Precious metals had new life breathed into their recent bull run when the U.S. Commerce Department released the latest non-farm payroll report this morning. Payrolls for August rose only 169,000, compared to an expected 180,000. This big miss was exacerbated by the further news that the non-farm payroll numbers for June and July had been revised downwards a whopping 74,000 jobs total. This means that the last three months of payroll reports have been sharply lower than estimates.
The unemployment rate dropped from 7.4% to 7.3%, but this was because of a drop in the labor participation rate; i.e. people giving up ever finding a job.
The sudden dimming of a rosy economic picture caught many traders on the wrong foot. The dollar was hammered, while gold immediately shot up almost 2% after having hit a two-week low overnight. Treasuries also got a big boost, with the yield for the 10-year note dropping from 2.98% to 2.89%.
While some analysts think that the depressing jobs report and revisions of past numbers will not deter the Fed from tapering off its $85 billion a month in bond purchases this month, that action seems far less certain than it did yesterday.
News that Russian President Vladimir Putin at the G20 summit last night raised the possibility of Russian intervention should the U.S. bomb Syria caused European markets to give up solid gains and close at a loss. This news may also have contributed to renewed interest in gold as a safe haven, with the market using the U.S. jobs report as an excuse to break higher. News this morning that the U.S. State Department has issued embassy and travel warnings for Turkey and Lebanon, due to concerns of terrorist retaliation over an American strike in Syria has not exactly calmed the market.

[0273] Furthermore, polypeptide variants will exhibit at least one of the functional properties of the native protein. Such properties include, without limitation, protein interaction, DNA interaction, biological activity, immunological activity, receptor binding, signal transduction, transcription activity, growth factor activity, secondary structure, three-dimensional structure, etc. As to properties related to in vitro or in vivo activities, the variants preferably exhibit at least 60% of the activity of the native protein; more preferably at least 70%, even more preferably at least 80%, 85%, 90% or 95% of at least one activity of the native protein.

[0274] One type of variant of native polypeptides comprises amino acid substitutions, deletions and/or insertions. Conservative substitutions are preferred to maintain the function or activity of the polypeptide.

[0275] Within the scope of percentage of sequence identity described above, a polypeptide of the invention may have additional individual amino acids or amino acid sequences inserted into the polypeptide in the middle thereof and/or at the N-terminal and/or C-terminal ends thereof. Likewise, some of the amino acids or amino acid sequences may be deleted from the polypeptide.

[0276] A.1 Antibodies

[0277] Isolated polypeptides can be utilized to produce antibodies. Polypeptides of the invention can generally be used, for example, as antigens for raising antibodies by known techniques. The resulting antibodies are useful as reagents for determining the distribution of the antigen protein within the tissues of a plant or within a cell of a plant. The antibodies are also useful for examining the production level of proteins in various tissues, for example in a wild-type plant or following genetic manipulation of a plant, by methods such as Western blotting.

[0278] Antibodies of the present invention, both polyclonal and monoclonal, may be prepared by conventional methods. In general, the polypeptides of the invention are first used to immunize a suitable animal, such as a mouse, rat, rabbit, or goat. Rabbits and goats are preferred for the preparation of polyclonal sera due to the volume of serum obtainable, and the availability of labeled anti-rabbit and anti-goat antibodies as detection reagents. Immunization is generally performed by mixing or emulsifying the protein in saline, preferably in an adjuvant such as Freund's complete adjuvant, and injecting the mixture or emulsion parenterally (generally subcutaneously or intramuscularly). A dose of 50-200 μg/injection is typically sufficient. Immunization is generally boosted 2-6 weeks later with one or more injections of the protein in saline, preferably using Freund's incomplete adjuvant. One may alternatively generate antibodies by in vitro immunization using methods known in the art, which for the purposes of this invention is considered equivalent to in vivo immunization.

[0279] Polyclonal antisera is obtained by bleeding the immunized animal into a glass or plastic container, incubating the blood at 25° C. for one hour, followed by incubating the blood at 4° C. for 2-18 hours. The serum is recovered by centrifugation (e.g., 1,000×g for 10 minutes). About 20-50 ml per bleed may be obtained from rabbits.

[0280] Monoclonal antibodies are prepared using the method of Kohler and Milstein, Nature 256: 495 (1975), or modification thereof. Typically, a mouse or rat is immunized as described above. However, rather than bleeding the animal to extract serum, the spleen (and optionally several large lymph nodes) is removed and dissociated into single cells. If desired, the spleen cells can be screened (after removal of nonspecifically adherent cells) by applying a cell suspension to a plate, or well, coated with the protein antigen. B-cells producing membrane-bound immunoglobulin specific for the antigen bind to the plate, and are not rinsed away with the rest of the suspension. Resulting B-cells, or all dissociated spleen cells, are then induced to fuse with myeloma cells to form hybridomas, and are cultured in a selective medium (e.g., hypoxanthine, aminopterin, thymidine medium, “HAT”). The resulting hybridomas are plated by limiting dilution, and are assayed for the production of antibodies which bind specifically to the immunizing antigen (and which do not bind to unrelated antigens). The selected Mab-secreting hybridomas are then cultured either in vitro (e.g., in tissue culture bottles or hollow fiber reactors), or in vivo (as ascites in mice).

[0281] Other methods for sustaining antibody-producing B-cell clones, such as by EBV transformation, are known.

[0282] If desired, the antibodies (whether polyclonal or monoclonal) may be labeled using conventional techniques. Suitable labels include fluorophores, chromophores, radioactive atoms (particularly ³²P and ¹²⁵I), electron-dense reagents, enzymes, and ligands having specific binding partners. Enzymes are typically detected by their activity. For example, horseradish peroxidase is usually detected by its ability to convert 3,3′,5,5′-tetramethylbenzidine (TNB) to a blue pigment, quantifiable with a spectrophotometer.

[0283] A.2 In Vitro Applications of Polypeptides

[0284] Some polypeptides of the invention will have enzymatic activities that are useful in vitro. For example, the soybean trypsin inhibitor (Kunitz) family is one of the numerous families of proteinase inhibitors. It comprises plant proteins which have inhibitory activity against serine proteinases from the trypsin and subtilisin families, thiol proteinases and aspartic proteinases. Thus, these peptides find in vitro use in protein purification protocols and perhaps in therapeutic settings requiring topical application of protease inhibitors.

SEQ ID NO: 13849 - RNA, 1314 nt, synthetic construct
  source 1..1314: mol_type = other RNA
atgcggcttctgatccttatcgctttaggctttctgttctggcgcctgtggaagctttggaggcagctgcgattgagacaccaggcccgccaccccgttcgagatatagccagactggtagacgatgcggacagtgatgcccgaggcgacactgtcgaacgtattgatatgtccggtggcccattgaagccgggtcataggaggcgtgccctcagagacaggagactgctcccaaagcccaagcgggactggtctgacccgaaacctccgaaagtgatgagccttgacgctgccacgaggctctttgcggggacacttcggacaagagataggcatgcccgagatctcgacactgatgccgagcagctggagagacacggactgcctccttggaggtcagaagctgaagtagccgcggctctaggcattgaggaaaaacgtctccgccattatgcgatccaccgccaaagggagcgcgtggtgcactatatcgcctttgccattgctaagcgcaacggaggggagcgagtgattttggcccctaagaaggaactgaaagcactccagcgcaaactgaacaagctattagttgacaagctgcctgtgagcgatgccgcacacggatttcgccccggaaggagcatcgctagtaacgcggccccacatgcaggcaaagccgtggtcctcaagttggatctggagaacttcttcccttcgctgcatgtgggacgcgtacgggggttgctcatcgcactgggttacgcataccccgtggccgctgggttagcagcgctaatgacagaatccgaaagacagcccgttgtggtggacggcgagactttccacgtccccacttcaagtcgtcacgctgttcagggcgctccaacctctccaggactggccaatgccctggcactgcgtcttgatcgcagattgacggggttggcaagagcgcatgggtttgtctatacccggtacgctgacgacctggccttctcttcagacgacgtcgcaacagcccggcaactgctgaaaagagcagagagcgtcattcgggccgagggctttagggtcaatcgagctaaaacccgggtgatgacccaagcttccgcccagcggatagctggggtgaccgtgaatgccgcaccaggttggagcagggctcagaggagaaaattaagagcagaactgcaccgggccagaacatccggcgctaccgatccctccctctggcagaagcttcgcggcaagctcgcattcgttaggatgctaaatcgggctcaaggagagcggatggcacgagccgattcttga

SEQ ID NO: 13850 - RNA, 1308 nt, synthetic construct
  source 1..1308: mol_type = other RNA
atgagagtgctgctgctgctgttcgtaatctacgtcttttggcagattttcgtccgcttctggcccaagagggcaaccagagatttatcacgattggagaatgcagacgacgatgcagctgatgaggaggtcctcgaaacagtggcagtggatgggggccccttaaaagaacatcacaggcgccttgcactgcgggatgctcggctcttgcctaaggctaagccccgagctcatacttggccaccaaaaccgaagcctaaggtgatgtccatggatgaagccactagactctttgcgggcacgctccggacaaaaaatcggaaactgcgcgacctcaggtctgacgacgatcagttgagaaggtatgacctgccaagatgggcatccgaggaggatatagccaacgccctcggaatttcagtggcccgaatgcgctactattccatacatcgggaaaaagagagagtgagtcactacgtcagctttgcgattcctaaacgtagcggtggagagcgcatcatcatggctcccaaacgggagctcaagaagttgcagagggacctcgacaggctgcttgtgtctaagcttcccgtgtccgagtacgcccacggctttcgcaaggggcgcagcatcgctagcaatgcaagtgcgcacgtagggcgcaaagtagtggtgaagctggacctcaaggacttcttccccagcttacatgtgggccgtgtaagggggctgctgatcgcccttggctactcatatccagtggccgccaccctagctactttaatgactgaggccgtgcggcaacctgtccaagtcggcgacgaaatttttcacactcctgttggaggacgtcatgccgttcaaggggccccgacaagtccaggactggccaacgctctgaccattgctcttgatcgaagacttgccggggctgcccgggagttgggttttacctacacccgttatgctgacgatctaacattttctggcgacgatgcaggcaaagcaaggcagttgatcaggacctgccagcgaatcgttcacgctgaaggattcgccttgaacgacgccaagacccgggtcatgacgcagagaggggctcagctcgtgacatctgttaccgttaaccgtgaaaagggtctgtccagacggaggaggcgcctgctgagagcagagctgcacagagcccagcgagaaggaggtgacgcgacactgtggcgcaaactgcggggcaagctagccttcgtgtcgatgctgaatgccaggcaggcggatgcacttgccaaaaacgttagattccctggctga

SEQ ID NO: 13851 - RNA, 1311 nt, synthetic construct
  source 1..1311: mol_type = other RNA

In Asia, stock markets barely edged into the green to end the week on a high note. Also from Asia is the news that Chinese gold imports from Hong Kong for July was the second-highest on record, totaling 129 tonnes. June imports were 112 tonnes. Gold exports were 16 tonnes, for net gold imports of 113 tonnes. This is more than double the 46 tonnes imported in July 2012.
The Indian rupee rallied against the dollar overnight for the second session, gaining 2.8% in the last two days. Some analysts think the worst may be over for the rupee, which garnered worldwide headlines over its recent plunge. This is also good news for Indian gold buyers, assuming they can find anything to buy, as the devaluation of the rupee was causing domestic gold prices to skyrocket.
Speaking of gold supply, mining unions in South Africa are coming to individual wage agreements with gold mining companies, which is winding down strikes that was causing the South African economy $35 million a day in losses.
Oil supply is going to be more restricted in the near future, as Iraq announces major repair work on its vital southern ports will last through September. Iraqi oil exports are expected to drop by 500,000 barrels. West Texas Intermediate crude was trading at $100/bbl this morning, with Brent crude just shy of $116/bbl.
Syria is likely to be on the front page next week, as the U.S. Congress debates whether to allow President Obama to bomb Syria, and the parliaments of allies refuse to authorize their nations to participate. Russia, Iran, and now China have warned the U.S. against unilateral attacks against Syria without incontrovertible proof that the Syrian government was behind a recent poison gas attack near Damascus.